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July 28, 2023

U.S. Departments of Justice, Commerce, and the Treasury Publish Tri-Seal Compliance Note Regarding Voluntary Self-Disclosure Policies

On July 26, 2023, the U.S. Departments of Justice (DOJ), Commerce, and the Treasury published a joint, or “tri-seal,” compliance note, setting forth each department’s respective voluntary self-disclosure (VSD) policies that apply to potential violations of U.S. sanctions, export controls, and other national security laws. The compliance note underscores that U.S. companies, particularly those engaged in international trade and finance, play a “critical role in identifying threats from malicious actors and helping to protect our national security.”

The compliance note emphasizes that disclosure to only one agency may not constitute disclosure to the entire U.S. government,1 and that the failure to disclose may be viewed by certain agencies as an aggravating factor.

The compliance note serves as an important reminder of the requirements and benefits associated with VSD, particularly as criminal enforcement of national security laws ramps up. The note also highlights strong incentives for whistleblowers and tipsters. This Advisory captures the guidance offered in the joint compliance note and offers key takeaways for U.S. entities who may discover possible violations of national security laws.

DOJ’s Voluntary Self-Disclosure Policies

DOJ National Security Division’s (NSD’s) VSD policy, which was recently updated on March 1, 2023,2 covers reporting of possible criminal violations of export control and sanctions laws. To receive credit under the policy, the following conditions must be met:

  • Promptness: Reporting parties must disclose possible violations to NSD (not regulators) “within a reasonably prompt time,” absent any legal obligation to disclose, and prior to an imminent threat of disclosure or government investigation.
  • “Full” Cooperation: Reporting parties must share all relevant, non-privileged facts; timely preserve and collect relevant documents and information; deconflict witness interviews and perform other investigative steps; and timely identify opportunities for further investigation by NSD.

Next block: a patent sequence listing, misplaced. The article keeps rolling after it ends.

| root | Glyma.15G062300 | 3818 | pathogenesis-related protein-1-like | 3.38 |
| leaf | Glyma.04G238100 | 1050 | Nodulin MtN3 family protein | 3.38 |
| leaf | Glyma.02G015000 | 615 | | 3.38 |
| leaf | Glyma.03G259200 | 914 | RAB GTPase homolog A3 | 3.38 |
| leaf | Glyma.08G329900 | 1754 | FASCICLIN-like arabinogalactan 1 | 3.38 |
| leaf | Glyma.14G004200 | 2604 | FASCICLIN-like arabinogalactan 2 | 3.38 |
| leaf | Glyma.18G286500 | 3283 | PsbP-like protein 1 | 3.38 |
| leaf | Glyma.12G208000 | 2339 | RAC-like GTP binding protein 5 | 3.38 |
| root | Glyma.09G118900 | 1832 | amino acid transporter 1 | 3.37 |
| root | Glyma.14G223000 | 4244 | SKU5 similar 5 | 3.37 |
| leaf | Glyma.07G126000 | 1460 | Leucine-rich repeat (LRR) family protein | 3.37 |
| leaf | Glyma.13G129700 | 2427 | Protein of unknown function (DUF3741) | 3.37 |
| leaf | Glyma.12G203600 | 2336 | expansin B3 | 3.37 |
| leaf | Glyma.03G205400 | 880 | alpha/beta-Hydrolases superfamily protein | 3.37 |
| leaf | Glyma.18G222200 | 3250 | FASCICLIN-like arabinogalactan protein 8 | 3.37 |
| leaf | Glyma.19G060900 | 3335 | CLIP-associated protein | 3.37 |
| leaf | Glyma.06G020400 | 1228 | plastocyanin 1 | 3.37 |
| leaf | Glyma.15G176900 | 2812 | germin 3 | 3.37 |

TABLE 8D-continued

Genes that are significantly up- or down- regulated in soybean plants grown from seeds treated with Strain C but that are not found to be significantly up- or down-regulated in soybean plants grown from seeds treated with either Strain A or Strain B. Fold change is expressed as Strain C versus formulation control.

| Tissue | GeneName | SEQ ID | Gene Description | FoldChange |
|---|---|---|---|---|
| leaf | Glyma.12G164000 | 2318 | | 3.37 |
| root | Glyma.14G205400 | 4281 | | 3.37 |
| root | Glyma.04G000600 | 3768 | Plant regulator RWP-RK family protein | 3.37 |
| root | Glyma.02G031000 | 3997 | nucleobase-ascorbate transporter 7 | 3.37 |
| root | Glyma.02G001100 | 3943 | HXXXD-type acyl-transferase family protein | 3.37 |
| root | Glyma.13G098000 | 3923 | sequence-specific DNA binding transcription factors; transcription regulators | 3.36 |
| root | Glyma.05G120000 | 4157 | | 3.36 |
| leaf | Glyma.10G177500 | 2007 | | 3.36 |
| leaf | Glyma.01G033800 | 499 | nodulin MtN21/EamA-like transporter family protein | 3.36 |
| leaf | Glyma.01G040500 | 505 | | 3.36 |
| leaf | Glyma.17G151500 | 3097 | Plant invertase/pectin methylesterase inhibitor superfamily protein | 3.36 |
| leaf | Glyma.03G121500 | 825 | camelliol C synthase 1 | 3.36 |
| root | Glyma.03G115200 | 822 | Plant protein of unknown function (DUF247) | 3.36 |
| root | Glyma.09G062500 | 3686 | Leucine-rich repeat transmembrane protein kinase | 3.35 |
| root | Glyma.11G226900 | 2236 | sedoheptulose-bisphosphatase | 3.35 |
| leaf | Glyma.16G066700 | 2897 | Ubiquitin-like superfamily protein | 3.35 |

• Remediation: Reporting parties must implement appropriate disciplinary measures, such as compensation clawbacks, for employees involved in any criminal conduct.
  • Compliance: NSD will evaluate whether the reporting party has implemented robust and effective compliance and ethics programs.

Should a reporting party satisfy these requirements, NSD offers steep discounts on penalties associated with uncovered criminal violations, including offering a safe harbor from criminal prosecution with a presumption in favor of non-prosecution agreements (NPAs). Such a presumption will not apply, however, if aggravating factors are present, such as pervasive criminal conduct or involvement of upper management.

Notably, NSD’s updated policy applies beyond export controls and sanctions violations to other criminal statutes within NSD’s purview, including violations of the Foreign Agents Registration Act (FARA), laws prohibiting material support to terrorists (as in the LaFarge case), and criminal violations related to the Committee on Foreign Investment in the United States (CFIUS), and other national security proceedings.

NSD also announced its creation of the Chief Counsel for Corporate Enforcement, including its addition of 25 new prosecutors to help investigate and prosecute criminal sanctions evasion, export control violations, and similar economic crimes.

Commerce Department’s Voluntary Self-Disclosure Policies